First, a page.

China pushing in Bhutan, India to test neighbour’s response, says US
China is attempting territorial claims in Bhutan and the recent incursion into Indian land are indicative of their intentions, US Secretary of State Mike Pompeo said on Thursday, adding that Beijing under President Xi Jinping was trying to find out whether other countries are going to push back, as published in NDTV.
Indian and Chinese troops have been locked in a bitter standoff in several areas along the Line of Actual Control in eastern Ladakh since May 5. The situation deteriorated last month following the Galwan Valley clashes that left 20 Indian Army personnel dead.
China recently staked claim over the Sakteng Wildlife Sanctuary in Bhutan at the Global Environment Facility (GEF) Council and opposed funding to the project.
In late May, Chinese forces objected to Indian road construction in the Galwan River valley. According to Indian sources, melee fighting on 15/16 June 2020 resulted in the deaths of 20 Indian soldiers (including an officer) and casualties of 43 Chinese soldiers (including death of an officer). Media reports stated that soldiers were taken captive on both sides and released in the coming few days. On the Indian side ten soldiers were reported to have been taken captive while the Chinese numbers remain unconfirmed. It was only on 25 July that reports of disengagement at Galwan, Hot Springs and Gogra emerged. As of 30 July, disengagement remained incomplete at Pangong Tso and at PP 17A Gogra while “complete disengagement and de-escalation” between India and China was remaining.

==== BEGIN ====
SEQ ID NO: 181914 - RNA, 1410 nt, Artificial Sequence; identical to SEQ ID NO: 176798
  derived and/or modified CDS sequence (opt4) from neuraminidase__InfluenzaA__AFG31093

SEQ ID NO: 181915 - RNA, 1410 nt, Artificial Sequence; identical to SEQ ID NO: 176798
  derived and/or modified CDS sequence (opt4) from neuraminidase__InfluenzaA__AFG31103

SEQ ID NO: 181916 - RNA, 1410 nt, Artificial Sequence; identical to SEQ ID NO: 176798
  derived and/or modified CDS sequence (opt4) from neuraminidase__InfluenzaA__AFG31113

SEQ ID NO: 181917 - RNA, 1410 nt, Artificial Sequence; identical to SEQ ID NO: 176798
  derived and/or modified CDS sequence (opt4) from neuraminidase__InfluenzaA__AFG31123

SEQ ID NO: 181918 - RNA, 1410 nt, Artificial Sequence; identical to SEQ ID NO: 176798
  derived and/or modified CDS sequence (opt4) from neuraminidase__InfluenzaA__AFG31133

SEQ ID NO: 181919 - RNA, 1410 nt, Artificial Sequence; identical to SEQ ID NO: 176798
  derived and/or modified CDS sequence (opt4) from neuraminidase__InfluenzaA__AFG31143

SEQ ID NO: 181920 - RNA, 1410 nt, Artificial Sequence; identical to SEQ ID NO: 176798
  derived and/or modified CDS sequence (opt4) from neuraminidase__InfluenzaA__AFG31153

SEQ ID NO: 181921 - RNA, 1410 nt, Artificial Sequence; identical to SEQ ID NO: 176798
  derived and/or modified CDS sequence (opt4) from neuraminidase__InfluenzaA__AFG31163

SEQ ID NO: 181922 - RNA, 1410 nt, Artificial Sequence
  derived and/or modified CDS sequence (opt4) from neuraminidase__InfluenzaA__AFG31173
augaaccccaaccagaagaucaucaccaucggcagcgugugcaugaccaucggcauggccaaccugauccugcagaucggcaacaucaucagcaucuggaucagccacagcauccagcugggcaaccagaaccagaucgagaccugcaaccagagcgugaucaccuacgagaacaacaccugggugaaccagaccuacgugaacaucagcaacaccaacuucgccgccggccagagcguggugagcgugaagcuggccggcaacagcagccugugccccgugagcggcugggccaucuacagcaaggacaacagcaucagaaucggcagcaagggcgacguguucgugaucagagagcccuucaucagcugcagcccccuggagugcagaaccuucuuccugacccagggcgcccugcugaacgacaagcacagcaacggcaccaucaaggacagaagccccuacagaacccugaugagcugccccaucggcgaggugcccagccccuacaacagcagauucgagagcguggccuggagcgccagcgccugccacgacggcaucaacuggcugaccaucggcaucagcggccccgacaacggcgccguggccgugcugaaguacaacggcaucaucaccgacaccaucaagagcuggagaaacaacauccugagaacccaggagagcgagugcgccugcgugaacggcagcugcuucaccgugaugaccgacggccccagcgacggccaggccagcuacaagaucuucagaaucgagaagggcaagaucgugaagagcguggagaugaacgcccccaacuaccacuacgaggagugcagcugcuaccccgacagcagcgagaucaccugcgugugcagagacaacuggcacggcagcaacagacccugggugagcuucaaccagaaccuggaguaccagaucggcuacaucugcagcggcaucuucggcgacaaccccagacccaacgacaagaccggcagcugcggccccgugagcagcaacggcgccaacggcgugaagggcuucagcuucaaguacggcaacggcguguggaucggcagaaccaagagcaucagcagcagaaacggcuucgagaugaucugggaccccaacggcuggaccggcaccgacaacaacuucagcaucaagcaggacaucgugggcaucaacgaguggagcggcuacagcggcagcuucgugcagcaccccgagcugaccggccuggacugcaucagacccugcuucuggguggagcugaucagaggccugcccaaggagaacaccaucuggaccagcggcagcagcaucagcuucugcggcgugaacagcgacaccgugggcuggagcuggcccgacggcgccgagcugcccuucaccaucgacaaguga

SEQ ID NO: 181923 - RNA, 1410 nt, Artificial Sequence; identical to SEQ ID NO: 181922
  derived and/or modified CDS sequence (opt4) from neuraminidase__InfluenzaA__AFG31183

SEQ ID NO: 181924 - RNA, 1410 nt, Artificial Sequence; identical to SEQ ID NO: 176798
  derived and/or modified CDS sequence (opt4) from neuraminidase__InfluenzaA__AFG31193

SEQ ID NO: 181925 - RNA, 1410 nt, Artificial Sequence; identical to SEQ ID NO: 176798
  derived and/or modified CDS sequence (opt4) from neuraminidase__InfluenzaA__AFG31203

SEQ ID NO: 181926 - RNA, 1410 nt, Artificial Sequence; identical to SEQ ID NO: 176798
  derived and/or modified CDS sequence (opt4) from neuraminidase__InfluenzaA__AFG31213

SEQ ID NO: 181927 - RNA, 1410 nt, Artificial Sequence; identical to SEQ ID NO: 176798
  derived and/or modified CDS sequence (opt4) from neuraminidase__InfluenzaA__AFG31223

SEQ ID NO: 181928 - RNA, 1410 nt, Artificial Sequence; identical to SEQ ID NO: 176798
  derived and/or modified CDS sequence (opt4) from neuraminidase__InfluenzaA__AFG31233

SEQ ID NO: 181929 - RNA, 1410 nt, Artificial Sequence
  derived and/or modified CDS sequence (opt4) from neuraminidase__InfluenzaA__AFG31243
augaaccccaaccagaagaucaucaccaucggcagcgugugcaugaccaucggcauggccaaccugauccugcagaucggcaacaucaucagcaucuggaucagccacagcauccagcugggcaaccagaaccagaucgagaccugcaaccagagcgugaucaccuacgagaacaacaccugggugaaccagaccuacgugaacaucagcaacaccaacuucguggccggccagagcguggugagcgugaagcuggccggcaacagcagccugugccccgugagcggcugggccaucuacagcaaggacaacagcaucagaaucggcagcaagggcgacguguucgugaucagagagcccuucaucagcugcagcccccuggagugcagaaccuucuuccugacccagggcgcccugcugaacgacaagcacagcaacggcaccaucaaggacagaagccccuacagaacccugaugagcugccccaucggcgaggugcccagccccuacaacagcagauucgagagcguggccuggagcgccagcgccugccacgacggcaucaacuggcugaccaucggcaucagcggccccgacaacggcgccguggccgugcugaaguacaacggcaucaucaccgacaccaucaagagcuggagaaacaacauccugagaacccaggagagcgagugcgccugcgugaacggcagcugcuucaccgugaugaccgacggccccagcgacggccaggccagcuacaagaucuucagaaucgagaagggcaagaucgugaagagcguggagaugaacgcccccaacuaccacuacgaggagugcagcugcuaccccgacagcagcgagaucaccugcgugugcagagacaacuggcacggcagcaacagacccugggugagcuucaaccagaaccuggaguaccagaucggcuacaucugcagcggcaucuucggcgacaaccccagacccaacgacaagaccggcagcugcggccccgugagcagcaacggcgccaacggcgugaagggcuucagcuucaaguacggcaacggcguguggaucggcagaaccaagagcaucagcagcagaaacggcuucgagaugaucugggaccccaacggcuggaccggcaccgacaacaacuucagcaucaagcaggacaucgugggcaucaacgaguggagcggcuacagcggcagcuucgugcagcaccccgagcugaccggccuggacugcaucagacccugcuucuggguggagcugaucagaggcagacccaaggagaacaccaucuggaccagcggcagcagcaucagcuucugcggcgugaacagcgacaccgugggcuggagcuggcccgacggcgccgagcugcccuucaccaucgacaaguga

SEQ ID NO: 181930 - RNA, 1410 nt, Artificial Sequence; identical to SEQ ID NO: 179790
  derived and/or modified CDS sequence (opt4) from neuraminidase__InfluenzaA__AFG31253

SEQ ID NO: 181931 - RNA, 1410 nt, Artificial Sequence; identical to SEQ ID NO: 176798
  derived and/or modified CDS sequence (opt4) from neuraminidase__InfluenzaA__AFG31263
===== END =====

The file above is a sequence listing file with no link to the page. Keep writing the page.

Amid the standoff, India reinforced the region with 12,000 additional workers, who would assist India’s Border Roads Organisation in completing the development of Indian infrastructure along the Sino-Indian border. Experts have postulated that the standoffs are Chinese pre-emptive measures in responding to the Darbuk–Shyok–DBO Road infrastructure project in Ladakh. The Chinese have also extensively developed their infrastructure in these disputed border regions. The revocation of the special status of Jammu and Kashmir, in August 2019, by the Indian government has also troubled the Chinese. However, India and China have both maintained that there are enough bilateral mechanisms to resolve the situation through quiet diplomacy.
Following the Galwan Valley skirmish on 15 June, numerous Indian government officials said that border tensions will not impact trade between India and China despite some Indian campaigns about boycotting Chinese products. However, in the following days, various types of action were taken on the economic front including cancellation and additional scrutiny of certain contracts with Chinese firms, and calls were also made to stop the entry of the Chinese into strategic markets in India such as the telecom sector.
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